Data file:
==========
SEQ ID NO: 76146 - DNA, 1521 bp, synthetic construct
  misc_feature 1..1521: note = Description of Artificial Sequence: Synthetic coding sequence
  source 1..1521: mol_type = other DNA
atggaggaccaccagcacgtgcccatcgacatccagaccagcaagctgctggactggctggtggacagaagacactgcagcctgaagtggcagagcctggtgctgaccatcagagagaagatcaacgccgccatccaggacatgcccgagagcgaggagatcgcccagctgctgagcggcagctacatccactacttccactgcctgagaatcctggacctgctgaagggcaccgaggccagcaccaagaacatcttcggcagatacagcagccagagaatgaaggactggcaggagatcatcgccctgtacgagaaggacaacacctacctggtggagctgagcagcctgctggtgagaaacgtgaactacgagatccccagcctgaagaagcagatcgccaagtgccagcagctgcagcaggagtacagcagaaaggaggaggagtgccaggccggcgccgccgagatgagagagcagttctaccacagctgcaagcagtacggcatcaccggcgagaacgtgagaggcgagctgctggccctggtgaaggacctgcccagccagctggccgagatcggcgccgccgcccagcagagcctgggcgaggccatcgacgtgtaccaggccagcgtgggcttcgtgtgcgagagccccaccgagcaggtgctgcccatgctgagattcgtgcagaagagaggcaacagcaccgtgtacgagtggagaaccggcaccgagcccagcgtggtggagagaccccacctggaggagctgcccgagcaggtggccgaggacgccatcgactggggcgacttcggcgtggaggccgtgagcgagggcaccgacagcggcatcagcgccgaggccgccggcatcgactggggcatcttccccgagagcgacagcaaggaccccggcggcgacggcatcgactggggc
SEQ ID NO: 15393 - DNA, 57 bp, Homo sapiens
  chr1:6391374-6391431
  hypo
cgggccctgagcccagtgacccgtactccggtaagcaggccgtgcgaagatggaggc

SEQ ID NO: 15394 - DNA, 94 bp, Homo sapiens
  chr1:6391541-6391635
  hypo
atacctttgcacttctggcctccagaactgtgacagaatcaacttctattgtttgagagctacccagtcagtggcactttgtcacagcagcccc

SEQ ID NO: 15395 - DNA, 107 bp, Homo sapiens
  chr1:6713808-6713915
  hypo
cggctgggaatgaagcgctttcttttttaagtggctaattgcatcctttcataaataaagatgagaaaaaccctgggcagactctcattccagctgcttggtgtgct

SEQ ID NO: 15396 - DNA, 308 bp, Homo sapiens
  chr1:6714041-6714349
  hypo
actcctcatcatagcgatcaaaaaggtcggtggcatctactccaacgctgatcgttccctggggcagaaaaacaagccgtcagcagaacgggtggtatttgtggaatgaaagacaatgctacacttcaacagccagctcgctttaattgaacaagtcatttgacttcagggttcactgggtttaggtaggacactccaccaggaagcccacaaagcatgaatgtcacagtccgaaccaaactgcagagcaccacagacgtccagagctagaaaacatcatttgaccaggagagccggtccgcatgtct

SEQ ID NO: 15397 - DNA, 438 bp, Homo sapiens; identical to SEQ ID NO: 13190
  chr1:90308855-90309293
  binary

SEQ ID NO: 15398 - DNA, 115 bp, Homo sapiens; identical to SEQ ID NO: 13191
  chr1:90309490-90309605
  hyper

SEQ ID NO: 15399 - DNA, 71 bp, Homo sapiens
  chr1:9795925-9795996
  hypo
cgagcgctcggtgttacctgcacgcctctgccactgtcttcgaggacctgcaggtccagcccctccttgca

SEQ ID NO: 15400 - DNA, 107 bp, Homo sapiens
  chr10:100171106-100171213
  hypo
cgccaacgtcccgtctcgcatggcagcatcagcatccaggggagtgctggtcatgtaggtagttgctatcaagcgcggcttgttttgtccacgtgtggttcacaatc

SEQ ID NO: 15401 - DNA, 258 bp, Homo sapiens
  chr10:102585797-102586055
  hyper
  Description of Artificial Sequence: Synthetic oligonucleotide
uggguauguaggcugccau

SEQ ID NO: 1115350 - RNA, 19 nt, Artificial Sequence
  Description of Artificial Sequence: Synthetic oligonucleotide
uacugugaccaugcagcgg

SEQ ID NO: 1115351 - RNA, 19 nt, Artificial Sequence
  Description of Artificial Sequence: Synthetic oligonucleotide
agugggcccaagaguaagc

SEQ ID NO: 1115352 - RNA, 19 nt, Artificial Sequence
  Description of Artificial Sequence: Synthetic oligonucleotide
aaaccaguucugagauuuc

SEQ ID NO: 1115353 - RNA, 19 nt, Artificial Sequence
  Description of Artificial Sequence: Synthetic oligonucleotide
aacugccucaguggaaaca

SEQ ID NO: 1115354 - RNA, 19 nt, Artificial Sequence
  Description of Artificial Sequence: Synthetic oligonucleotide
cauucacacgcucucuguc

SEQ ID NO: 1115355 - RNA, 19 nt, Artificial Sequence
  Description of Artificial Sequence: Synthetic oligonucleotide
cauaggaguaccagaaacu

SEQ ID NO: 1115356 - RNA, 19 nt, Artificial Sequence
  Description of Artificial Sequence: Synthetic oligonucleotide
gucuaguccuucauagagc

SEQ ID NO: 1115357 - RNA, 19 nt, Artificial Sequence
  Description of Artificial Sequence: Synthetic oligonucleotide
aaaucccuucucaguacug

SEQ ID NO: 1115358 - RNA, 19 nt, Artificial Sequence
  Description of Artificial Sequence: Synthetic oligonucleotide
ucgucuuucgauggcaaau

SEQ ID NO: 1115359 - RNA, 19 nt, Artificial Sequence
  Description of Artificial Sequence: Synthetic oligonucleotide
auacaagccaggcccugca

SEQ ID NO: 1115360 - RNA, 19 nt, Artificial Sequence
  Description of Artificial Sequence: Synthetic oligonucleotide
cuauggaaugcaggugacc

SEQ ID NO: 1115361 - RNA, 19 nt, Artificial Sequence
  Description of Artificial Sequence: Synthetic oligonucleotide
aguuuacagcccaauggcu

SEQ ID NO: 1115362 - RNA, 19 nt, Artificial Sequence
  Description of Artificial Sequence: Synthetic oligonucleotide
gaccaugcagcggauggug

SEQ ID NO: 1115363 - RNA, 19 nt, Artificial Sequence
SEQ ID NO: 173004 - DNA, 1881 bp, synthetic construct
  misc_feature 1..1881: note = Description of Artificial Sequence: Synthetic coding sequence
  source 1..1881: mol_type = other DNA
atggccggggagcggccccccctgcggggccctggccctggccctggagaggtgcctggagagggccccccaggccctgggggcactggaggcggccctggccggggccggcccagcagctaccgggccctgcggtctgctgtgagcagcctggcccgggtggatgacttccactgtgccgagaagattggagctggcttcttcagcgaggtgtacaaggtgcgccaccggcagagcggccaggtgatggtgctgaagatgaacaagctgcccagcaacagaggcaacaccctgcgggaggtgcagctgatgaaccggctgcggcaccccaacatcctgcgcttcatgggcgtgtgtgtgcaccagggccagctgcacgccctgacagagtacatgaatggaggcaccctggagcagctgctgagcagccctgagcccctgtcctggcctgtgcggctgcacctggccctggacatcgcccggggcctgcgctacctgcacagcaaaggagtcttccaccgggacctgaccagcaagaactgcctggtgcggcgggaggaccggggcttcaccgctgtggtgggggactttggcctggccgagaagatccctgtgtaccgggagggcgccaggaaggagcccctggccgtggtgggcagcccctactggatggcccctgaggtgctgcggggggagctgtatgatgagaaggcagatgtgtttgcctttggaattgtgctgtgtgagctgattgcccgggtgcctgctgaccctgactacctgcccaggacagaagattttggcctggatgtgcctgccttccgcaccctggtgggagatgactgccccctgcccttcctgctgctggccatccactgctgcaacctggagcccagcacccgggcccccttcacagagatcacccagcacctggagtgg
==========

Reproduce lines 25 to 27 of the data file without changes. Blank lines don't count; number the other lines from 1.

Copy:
  chr1:90309490-90309605
  hyper

SEQ ID NO: 15399 - DNA, 71 bp, Homo sapiens